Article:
The Irvine City Council approved the American Rescue Plan Act (ARPA) spending at its meeting on October 26. The spending plan for the $56 million allocation aligns with the City’s five strategic priorities: Quality of Life, Natural Environment, Traffic and Mobility, Fiscal Strength, and Organizational Excellence.
Earlier this year, President Biden signed ARPA into law. The $1.9 trillion package intends to combat the impacts of the COVID-19 pandemic on local communities. Of the total amount, $350 billion is designated for state and local governments to remedy the effects of COVID-19 on a going forward basis. Of that $350 billion, the City of Irvine will receive $56 million in one-time funding.
“The City Council’s approval of the ARPA spending plan will allow us to further meet the needs of our community by investing in affordable housing, child care, municipal broadband, mental health and most importantly, eliminating food insecurity in our City,” said Mayor Farrah N. Khan. “We know that our diverse community has diverse needs, however, food insecurity should not be one of them. These funds partnered with other funding sources will allow us to develop a sustainable farm-to-table program to eliminate food insecurity for our most vulnerable residents.”
The Rescue Plan dollars will fund programs supporting critical needs of residents and small businesses; initiate investments in critical infrastructure such as affordable housing, child care, and broadband; help address key environmental and transportation priorities; provide for healthier indoor and outdoor environments for the community; help promote responsible public gatherings; and provide means of additional multicultural, multilingual engagement with the community.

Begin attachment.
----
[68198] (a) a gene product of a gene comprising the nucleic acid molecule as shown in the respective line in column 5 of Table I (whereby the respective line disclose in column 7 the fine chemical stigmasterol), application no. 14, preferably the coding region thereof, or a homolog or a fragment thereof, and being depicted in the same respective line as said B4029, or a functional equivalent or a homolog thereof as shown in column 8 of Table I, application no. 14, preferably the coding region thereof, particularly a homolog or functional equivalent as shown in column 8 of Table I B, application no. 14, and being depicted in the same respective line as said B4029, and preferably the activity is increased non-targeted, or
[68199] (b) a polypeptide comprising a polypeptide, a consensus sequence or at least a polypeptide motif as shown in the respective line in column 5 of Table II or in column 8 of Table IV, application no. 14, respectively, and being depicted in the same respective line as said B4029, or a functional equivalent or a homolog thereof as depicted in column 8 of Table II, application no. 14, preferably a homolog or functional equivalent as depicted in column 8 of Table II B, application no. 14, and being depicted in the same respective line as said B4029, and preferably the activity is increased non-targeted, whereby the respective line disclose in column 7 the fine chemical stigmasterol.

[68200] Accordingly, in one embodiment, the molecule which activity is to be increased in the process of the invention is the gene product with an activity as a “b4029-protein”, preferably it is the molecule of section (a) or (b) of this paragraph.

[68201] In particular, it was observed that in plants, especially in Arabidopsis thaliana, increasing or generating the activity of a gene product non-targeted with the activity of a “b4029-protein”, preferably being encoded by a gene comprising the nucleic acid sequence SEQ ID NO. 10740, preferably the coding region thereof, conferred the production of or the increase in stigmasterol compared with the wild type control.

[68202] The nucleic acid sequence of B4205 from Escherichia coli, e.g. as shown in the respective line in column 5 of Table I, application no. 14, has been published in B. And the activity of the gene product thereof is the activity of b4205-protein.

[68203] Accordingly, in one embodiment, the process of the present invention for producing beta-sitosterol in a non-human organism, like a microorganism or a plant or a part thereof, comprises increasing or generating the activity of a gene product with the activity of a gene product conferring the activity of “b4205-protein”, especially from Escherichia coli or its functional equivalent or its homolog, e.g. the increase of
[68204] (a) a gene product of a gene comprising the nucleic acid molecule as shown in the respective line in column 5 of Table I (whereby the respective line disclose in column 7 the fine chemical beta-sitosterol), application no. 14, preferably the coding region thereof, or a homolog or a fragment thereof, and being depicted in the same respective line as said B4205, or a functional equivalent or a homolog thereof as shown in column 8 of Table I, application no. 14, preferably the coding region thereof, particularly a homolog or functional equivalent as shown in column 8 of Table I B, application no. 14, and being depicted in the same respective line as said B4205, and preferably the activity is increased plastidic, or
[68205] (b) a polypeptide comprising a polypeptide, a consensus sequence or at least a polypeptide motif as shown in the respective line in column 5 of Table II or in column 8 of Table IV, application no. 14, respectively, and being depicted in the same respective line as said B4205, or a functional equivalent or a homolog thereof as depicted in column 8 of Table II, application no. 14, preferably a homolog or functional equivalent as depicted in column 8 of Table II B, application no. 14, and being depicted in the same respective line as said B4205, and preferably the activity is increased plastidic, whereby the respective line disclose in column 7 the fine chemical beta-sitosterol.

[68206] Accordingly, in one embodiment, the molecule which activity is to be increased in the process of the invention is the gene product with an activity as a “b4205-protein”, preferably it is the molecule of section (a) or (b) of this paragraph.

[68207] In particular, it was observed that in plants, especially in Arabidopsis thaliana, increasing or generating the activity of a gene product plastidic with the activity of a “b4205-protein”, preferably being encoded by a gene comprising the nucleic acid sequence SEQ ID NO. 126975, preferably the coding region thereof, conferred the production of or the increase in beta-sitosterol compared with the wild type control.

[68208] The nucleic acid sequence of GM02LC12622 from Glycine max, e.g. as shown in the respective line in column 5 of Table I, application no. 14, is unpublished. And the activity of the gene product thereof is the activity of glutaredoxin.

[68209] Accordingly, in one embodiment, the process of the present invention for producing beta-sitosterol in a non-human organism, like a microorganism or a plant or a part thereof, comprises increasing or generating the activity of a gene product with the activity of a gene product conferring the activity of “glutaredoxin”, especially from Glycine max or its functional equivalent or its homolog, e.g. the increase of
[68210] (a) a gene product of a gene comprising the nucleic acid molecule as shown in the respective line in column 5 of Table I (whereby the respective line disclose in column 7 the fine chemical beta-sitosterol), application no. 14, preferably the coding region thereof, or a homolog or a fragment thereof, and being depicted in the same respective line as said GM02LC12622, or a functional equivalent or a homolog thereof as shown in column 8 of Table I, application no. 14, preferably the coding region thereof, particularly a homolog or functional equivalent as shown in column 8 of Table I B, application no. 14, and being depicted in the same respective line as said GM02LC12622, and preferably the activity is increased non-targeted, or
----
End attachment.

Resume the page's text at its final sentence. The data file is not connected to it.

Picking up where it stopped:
Highlights of the spending proposal approved by the City Council include funding for the following critical items:
• Investment in affordable housing, child care services, and local broadband.
• Launching a pilot program for mobile mental health outreach.
• Promoting neighborhood reinvestment through the One Irvine Program, which will help revitalize the City’s older neighborhoods.
• Providing assistance to the City’s most vulnerable individuals, families, and small businesses, including the removal of food insecurity among residents
• Improvements to promote healthy use of City facilities and playgrounds.
• Enhancing multilingual, multicultural outreach and engagement of our diverse community, particularly with increased reliance on social media and virtual forums and events post-COVID.
• Improvements to parks and open spaces, including investment in drought-tolerant planting and drip irrigation.
• Providing additional funding to help implement an ambitious climate action and adaptation plan.
• Improving walkability, bike use, and shared transportation measures based on public outreach efforts.
This federal revenue will be held in a separate City fund subject to both local and federal audits. In addition, City staff will report on the use of these funds quarterly to the Finance Commission and the City Council.